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What is a Stablecoin in the World of Cryptocurrency? All You Need to Know About Different Types of Stablecoins in Crypto

what is a stablecoin

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In cryptocurrency, there is a need for crypto assets with a stable value and a stable exchange rate. This is why stablecoin issuers introduced them. In this article, we will take a look at different types of stablecoins and how they work. Stay tuned!

What is a Stablecoin?

Stablecoins, representing a bridge or a fusion of digital assets and traditional finance. A stablecoin is a cryptocurrency designed to minimize the volatility often seen in assets like Bitcoin (BTC) or Ethereum (ETH). How? By having a stablecoin pegged to more stable assets for example the US dollar, or other fiat currencies, gold or even cryptocurrencies.

They designed to keep a stable price and let users avoid the volatility. So basically we have the security and transparency of blockchain technology, paired with the stability of well-known currencies.

How Do Stablecoins Work?

Every stablecoins are backed by a collateral, something that gives it value, like a fiat currency, commodities, or even other cryptocurrencies. When you purchase a stablecoin, you’re basically buying a token that represents a claim on its underlying asset. Imagine them as traditional banknotes – representing a claim to a certain amount of gold.

To maintain their peg to the underlying asset, stablecoins using smart contracts, incentives, and financial mechanisms. Smart contracts, which are self-executing contracts with the agreement directly written into the code, play a very important role. These contracts grants that the number of tokens in circulation matches the amount of collateral held in reserve.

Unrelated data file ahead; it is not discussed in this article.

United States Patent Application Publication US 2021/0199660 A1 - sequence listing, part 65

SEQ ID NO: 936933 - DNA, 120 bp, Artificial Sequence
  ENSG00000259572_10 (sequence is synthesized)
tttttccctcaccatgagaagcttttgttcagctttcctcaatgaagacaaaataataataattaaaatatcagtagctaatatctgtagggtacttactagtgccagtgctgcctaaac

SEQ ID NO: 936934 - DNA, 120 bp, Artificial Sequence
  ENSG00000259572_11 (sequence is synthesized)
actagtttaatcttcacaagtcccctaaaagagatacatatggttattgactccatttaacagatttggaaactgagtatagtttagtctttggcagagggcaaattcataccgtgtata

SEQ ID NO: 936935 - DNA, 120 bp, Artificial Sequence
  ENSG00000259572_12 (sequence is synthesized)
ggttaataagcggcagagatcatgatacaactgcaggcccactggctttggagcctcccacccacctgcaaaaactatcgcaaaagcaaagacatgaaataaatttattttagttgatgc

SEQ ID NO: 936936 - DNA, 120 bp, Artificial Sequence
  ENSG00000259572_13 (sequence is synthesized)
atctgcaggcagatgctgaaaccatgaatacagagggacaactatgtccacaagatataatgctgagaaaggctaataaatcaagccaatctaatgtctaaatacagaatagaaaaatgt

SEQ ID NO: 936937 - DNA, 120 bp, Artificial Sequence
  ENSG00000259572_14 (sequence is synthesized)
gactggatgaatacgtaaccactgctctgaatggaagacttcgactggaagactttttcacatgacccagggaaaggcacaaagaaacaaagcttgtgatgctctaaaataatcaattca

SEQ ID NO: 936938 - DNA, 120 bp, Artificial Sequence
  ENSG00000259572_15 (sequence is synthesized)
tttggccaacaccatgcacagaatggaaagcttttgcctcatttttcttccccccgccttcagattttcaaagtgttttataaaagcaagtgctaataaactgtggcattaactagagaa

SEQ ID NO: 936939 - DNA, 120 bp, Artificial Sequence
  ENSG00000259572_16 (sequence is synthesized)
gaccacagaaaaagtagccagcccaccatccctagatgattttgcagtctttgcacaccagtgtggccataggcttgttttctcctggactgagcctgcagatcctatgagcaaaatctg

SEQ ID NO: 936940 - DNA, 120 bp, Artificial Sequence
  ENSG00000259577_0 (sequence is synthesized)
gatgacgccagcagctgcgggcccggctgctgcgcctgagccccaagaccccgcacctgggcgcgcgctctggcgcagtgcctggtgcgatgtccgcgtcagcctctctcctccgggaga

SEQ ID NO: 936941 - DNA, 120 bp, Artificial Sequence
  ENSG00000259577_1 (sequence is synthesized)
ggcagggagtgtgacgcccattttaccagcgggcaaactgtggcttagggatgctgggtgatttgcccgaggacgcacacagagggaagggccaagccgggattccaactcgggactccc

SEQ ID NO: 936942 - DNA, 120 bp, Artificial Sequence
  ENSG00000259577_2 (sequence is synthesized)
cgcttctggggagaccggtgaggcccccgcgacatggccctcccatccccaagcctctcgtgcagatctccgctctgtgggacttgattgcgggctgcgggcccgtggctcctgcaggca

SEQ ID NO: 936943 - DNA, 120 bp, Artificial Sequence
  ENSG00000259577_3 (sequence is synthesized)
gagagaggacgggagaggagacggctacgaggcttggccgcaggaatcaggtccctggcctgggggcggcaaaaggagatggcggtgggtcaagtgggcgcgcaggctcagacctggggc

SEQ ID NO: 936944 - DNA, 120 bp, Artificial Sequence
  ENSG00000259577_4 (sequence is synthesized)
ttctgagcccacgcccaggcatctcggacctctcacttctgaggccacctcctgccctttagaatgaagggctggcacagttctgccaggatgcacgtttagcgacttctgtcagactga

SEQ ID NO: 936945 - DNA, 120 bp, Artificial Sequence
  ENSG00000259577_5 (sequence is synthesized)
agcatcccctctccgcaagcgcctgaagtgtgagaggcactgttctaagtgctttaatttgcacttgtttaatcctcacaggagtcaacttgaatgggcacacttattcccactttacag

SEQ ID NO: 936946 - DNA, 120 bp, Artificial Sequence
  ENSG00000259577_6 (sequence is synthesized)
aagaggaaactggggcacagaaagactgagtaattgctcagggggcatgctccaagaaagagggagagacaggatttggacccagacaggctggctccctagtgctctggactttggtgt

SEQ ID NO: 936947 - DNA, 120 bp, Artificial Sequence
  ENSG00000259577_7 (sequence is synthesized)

Some stablecoins have mechanisms to influence demand and supply. For example, if the price of a stablecoin starts to drift away from its peg, these mechanisms can either incentivize users to buy more tokens or sell their tokens, helping to restore the balance.

What is a Stablecoin
Stablecoins are often backed with fiat currencies like Euros

Transparency is another key point of how stablecoins operates. To earn the trust from users, many stablecoin projects regularly undergo audits to verify that the amount of collateral they claim to have in reserve exists.

Types of Stablecoins

We can talk about three different types of stablecoins, depending on whats behind the stablecoin. Perhaps the two most obvious are the fiat-backed and the crypto-backed stablecoin, but there is another type of stablecoin — the algorithmic. Lets take a look at them and try to understand what is the difference between these tokens.

Fiat-Backed Stablecoin

These stablecoins are perhaps the most straightforward type of stablecoins and probably the most easier to understand. Their value is tied directly to a reserve of traditional money, like the US Dollar.

For every fiat-backed stablecoin issued, there’s an equivalent amount of fiat currency held in reserve. This means if there are 1 million stablecoins in circulation, there should be 1 million USD (or another fiat) held in a bank account or in a vault. This one-to-one peg is the basis of price stability.

When someone wants to purchase a fiat-backed stablecoin, they pay the same amount money but in fiat currency. This amount then gets added to the reserve, and the stablecoin is issued to the buyer. Just to make sure you understand let me give you another explanation — when someone wants to or “cash out” their stablecoin, they return the token, and in exchange, they receive the exact amount but in fiat currency, which is then deducted from the reserve.

Since the value of fiat-backed stablecoins based on the assurance that for every token in circulation, there’s an equivalent amount of fiat currency in reserve, we need to mention how transparency becomes a really important factor. That is why regulators often seek to regulate the stablecoin issuers. Most of these stablecoins audited regularly by a third-party to verify and that the reserves match the circulating supply of tokens.